(3)
where y i is the measured data from analysis of sample number i, \(\ifmmode\expandafter\hat\else\expandafter\^\fi{y}_{i} \) is the predicted value obtained by full cross validation, and N is the number of objects used in the prediction. In order to compare the influence of measurement uncertainty on the predictive ability of the models, the relative ability of prediction (RAP) is used [8]. RAP was originally developed in connection with sensory analysis and takes into account the level of experimental error in the reference data. It is defined as
$${\text{RAP = }}\frac{{{\text{SD}}^{{\text{2}}}_{{{\text{tot}}}} {\text{ - RMSEP}}^{{\text{2}}} }} {{{\text{SD}}^{{\text{2}}}_{{{\text{tot}}}} {\text{ - SD}}^{{\text{2}}}_{{{\text{ref}}}} }}$$
(4)
where SDtot is the standard deviation for the data-set, SDref is a standard error that indicates the uncertainty of the analysis and RMSEP is the root mean square error of prediction (after full cross-validation). By removal of SDref, the RAP equation will express the squared multivariate correlation coefficient [9].

Partial least square regression was performed with the Unscrambler software, version 8.0 (Camo Prosess AS, Oslo, Norway) and statistical test of regression coefficient with the Minitab Statistical Software, release 13.1 (Minitab Inc., State College, PA, USA).

Results and discussion

Fitzgerald and Meisel [2] reviewed properties of milk protein hydrolysates and bioactive peptides and compiled a group of ACE-inhibitory peptides derived from milk proteins (Table 1). A set of variables describing physico-chemical properties of amino acids (Table 2) was chosen. Previous research on structure-activity relationship between ACE-inhibitory peptides have pointed out that hydrophobic amino acid residues and charged side groups influence inhibitory potential. To cover different effects of hydrophobicity three descriptive variables were included in the QSAR-modelling. The Van der Waals volume describes molecular volume and thereby steric effects of amino acid side-chains. Initially, the molecular weight of amino acids was also included in the models, but since van der Waals volume and molecular mass of amino acids are highly correlated (r=0.96) this descriptor was later neglected in the modeling work. Three categorical variables describing aromatic (i.e. Trp, Tyr, Phe) and positively (i.e. Lys, Arg, His) or negatively (i.e. Asp, Glu) charged side chains were also included with a value of 1 for presence of given type of amino acid and value of 0 for absence.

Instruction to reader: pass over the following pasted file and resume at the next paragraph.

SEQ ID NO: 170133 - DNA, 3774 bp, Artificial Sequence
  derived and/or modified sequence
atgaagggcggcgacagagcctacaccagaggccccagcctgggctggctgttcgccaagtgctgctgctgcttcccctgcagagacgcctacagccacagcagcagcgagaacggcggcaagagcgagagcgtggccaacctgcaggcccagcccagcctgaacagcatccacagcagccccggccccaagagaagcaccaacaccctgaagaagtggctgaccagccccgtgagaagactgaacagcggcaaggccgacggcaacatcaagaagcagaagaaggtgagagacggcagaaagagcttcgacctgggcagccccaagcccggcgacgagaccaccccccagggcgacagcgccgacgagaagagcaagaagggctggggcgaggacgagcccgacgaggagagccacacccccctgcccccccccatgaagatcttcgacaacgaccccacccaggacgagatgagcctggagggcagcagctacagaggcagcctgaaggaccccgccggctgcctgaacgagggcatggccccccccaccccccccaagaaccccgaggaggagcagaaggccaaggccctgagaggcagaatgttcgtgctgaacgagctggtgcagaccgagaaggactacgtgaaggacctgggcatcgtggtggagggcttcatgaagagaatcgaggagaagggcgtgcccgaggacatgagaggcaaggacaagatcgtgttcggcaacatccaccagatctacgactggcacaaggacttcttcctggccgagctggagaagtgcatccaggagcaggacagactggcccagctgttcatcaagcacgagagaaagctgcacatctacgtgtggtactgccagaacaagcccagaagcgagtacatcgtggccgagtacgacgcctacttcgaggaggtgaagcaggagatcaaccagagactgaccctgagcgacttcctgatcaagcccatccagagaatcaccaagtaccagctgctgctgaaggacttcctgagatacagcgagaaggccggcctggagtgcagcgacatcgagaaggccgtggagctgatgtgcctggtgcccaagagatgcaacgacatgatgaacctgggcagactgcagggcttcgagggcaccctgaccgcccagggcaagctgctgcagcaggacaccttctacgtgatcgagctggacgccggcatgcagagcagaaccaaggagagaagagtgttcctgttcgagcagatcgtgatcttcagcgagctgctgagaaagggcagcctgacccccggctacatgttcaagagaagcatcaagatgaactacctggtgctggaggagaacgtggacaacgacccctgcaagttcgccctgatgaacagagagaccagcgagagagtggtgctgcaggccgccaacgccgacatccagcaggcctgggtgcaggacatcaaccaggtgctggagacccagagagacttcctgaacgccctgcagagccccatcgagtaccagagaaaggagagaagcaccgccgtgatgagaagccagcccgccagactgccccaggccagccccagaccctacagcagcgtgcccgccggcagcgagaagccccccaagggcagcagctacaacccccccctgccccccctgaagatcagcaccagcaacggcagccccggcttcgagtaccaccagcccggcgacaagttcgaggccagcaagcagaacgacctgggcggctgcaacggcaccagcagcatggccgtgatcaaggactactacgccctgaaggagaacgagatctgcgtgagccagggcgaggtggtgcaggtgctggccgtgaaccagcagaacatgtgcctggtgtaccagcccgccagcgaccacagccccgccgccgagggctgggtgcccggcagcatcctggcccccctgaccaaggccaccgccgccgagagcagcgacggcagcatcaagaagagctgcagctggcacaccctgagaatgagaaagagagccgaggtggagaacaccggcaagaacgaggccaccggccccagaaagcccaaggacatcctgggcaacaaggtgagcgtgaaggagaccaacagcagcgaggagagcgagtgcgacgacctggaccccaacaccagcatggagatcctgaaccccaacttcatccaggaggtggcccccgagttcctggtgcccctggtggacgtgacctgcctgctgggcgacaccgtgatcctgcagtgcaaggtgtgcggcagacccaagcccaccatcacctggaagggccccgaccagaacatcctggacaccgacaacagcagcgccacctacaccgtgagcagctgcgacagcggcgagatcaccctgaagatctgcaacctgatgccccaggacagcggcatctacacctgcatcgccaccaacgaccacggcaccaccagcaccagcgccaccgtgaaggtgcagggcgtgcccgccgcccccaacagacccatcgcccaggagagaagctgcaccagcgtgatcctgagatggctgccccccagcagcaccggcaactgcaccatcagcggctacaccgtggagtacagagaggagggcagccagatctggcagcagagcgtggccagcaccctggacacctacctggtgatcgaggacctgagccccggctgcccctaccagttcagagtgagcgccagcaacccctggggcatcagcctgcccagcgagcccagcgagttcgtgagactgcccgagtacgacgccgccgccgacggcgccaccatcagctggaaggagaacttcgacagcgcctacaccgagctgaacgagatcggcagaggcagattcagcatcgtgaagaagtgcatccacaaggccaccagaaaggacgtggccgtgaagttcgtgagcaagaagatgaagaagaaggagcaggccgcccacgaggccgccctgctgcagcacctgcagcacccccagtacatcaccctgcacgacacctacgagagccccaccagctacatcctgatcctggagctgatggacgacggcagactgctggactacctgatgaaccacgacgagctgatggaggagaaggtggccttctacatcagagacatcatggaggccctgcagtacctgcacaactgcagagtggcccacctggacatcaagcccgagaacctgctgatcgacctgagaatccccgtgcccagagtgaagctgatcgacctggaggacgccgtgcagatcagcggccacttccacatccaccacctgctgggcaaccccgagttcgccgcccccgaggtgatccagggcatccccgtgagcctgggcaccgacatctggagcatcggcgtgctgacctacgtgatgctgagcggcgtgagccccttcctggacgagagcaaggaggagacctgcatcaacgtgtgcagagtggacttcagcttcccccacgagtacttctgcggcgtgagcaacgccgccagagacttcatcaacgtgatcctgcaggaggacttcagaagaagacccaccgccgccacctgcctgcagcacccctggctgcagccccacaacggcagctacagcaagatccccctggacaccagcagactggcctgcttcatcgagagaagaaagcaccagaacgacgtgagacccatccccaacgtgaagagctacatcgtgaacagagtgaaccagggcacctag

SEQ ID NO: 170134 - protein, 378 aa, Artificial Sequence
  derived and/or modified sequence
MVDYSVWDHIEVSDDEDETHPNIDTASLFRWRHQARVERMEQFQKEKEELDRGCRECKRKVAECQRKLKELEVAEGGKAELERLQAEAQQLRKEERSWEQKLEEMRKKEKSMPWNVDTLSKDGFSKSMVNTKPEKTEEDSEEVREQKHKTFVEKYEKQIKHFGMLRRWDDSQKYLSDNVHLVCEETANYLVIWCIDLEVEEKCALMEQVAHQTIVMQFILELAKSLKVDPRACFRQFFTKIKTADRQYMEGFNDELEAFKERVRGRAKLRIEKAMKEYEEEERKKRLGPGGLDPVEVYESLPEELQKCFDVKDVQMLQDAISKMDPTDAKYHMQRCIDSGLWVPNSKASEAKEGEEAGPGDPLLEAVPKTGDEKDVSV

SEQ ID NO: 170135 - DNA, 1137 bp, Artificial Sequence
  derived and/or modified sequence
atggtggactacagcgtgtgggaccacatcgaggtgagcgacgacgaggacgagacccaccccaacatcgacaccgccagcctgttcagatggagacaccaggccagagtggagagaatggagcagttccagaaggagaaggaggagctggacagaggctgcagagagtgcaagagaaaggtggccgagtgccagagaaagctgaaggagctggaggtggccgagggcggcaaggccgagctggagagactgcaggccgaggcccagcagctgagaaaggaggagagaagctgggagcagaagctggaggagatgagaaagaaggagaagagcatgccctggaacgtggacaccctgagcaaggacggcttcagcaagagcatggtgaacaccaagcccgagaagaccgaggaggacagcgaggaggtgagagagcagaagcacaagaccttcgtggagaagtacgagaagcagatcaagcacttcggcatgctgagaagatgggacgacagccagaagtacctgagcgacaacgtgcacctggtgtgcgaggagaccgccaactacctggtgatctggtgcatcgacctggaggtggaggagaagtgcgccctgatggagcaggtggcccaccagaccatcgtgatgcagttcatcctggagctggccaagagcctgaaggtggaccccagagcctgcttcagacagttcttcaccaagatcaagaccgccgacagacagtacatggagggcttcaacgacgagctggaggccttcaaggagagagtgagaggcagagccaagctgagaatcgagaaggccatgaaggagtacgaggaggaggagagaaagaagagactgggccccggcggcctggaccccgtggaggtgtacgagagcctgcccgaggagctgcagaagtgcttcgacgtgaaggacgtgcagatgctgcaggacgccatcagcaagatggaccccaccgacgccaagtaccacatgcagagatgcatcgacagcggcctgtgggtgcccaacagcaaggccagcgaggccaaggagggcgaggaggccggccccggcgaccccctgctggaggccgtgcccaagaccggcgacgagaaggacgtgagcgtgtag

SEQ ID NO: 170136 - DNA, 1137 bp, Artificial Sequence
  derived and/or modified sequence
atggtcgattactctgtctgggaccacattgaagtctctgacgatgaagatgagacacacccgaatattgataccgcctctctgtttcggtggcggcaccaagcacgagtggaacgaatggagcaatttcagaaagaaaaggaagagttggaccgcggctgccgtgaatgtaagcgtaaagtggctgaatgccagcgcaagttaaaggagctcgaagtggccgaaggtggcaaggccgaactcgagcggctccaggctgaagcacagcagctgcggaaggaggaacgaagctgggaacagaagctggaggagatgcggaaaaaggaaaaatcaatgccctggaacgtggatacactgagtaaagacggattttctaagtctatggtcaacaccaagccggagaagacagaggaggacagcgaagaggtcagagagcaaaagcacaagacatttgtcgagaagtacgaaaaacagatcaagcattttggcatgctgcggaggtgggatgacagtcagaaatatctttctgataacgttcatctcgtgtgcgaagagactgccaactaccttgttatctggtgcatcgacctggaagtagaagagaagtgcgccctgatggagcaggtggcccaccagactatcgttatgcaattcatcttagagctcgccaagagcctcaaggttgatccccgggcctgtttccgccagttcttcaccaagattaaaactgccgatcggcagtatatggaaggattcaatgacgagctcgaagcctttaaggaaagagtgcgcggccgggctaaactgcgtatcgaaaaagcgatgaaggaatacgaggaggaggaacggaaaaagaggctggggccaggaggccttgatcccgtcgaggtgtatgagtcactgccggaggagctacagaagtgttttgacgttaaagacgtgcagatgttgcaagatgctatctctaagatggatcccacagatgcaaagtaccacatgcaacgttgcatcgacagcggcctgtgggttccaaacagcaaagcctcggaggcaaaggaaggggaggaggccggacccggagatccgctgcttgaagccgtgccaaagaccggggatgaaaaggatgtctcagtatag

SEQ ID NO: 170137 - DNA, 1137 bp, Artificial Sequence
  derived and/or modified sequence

Modelling work with the data set revealed that a logarithmic transformation of IC50%-values improved the models. This is in agreement with previous QSAR-modelling using so-called z-scores to amino acids on a set of ACE-inhibiting dipeptides [7]. The ACE-inhibition was also in that study expressed as a logarithmic transformation of IC50%-values. The data set of ACE-inhibitory peptides derived from milk proteins is made up of different research work over a 15-year period, and the ACE inhibition was measured using different assays and expressions of measurement uncertainty are lacking in several of the studies. It was therefore difficult to derive the precise uncertainty measurement based on those data. However, recently in our laboratory a study on ACE-inhibition by ethanol-soluble peptides from fish was conducted using an extract of rabbit lung acetone powder as source of ACE and furanacryloyl-Phe-Gly-Gly (FAPGG) as substrate [10]. The standard deviation between replicates for log IC50% based on the data from that study was 0.06. At such a low measurement uncertainty, the difference between RAP and squared multivariate correlation coefficient was neglectible. RAP is one if measurement uncertainty is equivalent to the value of RMSEP.

QSAR-models on N- or C-terminal dipeptides for sub-sets of ACE-inhibiting peptides with increasing length were calculated by PLSR and the predictive ability assessed by the multivariate correlation coefficient (R) (Table 3). A highly significant correlation (p<0.001) was found for the QSAR-model based on the C-terminal dipeptide for peptides up to six amino acids in length. The low R for the data set comprising only di- and tripeptides are likely a result of a low number of samples used in the model. When the data set was increased with longer peptides, the prediction ability improved. The lower R-value when peptides with seven and eight amino acids were included, might reflect that for smaller peptides the ACE inhibition potential is primarily a result of the C-terminal structure, but as length increases steric effects that are not expressed by this QSAR-model begins to interfere with the results. In contrast to C-terminus, in which the composition of the two most external amino acids had a clear influence on the ACE inhibitory potency, the two amino acids at N-terminus had no apparent influence on inhibition.